Province Invests in 'Dark' Research

August 21, 2007 - News Release

An $8.7-million investment by the Ontario government will make it easier for scientists at the University of Guelph to cross over to "the dark side."

The funding, announced today by Premier Dalton McGuinty, will support the expansion of Canada's world-class astrophysics facility, SNOLAB. Researchers will work to find novel ways to view elusive dark matter particles, which they hope will help them learn new information about what the universe is made of and what holds it together.

"This is a very exciting extension for SNOLAB in looking for the next big advance in physics, namely dark matter," said Jimmy Law, a Guelph physics professor emeritus. He, along with other Guelph researchers, has been involved with the facility since its inception nearly 10 years ago.

SNOLAB is the world's deepest underground laboratory and includes a unique neutrino telescope that is the size of a 10-storey building. It’s located two kilometres beneath the earth in a nickel mine near Sudbury, Ont.

The expansion, which was initiated in 2003 by a $39-million investment from the Canada Foundation for Innovation, will allow for the construction of a cryopit, a large cavern to store the low-temperature liquids and gases needed to conduct large-scale cyrogenic experiments for the next generation of research into dark matter particles.

Dark matter is matter of unknown composition that does not emit or reflect enough electromagnetic radiation to be observed directly. Its presence is inferred from gravitational effects on visible matter.

"U of G is proud to be part of the new adventure," said Law. Other Guelph scientists involved with SNOLAB are Prof. Bernie Nickel, professor emeritus Robin Ollerhead, post-doctoral researcher Diane Reitzner and PhD student Marc Bergevin.

The U of G researchers worked on the development and construction of the facility and helped design and build SNOLAB's sophisticated instruments. Law, a nuclear physicist, also helped write and test the software used to analyze data generated by the facility. “We are part of a great team of international scientists," he said.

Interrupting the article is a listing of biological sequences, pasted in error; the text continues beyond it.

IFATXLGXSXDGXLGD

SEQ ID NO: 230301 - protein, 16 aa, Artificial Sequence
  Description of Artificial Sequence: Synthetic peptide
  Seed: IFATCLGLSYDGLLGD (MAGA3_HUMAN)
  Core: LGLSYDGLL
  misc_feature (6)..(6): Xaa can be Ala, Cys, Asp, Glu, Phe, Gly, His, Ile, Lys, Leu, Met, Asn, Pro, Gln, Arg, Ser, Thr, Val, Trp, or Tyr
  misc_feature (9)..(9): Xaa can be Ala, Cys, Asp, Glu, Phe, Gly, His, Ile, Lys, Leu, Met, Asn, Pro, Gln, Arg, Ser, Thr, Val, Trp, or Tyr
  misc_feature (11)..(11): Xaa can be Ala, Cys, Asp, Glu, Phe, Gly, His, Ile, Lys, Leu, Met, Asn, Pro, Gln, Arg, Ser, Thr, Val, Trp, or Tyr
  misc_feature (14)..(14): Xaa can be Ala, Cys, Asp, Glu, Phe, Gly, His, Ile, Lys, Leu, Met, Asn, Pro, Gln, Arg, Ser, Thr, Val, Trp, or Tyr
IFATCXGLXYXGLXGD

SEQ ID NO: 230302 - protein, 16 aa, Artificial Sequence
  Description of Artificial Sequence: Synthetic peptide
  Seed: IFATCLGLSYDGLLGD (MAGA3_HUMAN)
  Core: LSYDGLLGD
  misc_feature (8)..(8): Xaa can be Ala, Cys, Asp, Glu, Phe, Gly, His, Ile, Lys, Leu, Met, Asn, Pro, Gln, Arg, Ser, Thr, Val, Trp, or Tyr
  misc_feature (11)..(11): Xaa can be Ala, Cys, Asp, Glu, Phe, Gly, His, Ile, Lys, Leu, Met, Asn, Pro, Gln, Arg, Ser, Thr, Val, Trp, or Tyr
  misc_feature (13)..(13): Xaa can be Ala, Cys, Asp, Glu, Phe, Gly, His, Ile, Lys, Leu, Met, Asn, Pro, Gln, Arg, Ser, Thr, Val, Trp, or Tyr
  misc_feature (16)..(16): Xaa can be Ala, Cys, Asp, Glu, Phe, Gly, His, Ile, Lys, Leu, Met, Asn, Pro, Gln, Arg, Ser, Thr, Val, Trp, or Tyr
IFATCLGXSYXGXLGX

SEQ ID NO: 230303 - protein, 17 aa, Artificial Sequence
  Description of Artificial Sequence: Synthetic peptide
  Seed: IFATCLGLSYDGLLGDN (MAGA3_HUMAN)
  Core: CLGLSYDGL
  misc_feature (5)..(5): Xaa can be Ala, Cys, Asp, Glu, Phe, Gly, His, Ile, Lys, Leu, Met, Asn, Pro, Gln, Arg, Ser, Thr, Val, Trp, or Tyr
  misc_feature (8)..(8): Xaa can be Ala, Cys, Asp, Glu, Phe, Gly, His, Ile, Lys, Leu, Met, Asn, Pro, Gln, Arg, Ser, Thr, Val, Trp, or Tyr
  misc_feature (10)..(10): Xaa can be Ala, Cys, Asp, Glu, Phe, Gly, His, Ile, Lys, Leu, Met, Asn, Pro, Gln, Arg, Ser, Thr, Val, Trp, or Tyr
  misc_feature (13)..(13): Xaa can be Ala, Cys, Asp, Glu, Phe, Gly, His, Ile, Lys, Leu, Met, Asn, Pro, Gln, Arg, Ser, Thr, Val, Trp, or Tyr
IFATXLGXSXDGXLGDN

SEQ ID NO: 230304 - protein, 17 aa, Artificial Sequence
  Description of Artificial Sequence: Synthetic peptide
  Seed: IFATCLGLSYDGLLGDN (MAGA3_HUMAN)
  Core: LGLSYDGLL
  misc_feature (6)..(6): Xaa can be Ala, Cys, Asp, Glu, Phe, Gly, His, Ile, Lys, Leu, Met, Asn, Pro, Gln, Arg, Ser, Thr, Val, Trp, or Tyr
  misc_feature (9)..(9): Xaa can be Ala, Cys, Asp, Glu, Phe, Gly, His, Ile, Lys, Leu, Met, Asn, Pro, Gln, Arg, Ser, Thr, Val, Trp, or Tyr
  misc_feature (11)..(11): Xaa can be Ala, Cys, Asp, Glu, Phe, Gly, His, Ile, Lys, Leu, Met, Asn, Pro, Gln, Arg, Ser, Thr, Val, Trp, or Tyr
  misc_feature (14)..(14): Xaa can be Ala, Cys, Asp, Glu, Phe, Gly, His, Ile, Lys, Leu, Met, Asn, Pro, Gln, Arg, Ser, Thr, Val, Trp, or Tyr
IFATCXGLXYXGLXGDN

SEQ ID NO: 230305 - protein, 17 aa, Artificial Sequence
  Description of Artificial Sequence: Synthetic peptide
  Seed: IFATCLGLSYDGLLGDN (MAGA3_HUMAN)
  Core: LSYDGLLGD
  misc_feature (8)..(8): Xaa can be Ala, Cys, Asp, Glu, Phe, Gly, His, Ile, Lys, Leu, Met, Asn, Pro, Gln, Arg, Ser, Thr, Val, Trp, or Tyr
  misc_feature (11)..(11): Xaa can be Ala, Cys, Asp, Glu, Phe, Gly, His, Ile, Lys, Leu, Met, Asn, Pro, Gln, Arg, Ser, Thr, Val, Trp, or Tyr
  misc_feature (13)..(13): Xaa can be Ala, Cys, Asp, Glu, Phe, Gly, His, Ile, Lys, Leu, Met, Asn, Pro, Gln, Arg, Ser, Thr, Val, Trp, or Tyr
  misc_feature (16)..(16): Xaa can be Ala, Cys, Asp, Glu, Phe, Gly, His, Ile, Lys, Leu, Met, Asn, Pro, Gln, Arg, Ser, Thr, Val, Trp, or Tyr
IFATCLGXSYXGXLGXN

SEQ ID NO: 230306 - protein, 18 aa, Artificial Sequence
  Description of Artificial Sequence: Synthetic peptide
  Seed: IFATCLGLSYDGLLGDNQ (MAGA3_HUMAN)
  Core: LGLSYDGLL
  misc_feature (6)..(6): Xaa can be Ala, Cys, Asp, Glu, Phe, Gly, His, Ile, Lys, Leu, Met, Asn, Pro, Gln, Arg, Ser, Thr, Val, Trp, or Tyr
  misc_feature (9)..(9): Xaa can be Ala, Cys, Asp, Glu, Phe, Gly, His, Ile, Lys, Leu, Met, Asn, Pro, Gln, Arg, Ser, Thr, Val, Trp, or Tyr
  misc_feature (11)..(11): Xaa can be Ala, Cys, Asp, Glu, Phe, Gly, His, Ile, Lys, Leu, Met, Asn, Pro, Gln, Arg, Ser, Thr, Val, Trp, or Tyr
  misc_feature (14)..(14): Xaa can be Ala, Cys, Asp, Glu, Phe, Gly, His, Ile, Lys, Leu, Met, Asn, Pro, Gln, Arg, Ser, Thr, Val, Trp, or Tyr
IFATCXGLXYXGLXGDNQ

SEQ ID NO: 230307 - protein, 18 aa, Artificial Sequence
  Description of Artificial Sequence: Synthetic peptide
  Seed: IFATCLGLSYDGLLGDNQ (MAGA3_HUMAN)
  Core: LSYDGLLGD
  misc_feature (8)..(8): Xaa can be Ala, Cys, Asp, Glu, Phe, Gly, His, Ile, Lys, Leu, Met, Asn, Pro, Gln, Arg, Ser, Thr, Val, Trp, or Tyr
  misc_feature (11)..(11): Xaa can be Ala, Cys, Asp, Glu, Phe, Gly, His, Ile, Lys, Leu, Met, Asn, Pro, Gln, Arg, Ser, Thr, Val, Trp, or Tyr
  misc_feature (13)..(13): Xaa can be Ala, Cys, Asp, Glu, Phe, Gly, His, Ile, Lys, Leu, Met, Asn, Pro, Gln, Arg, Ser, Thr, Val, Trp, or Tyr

In total, more than 130 researchers from 14 different universities and research labs in Canada, the United States and Great Britain are involved in research at the centre.

In 2001, SNOLAB researchers gained international recognition when they solved the mystery of solar neutrinos that had baffled scientists since the early 1970s — explaining the discrepancy between the number of neutrinos observed and the number predicted by theoretical models of the sun. They found that two-thirds of the electron-type neutrinos produced by nuclear reactions in the core of the sun change to other types of neutrinos — muon and tau neutrinos — before reaching Earth.

Anthony Vannelli, dean of the College of Physical and Engineering Science, said SNOLAB is now well-positioned to move to the next phase of this international research into the basic foundations of life and matter.

"U of G and our partner Ontario universities acknowledge the timely support of the Ontario government through the Ministry of Research and Innovation," he said.

For media questions, contact Communications and Public Affairs: Lori Bona Hunt, 519-824-4120, Ext. 53338, or Deirdre Healey, Ext. 56982.

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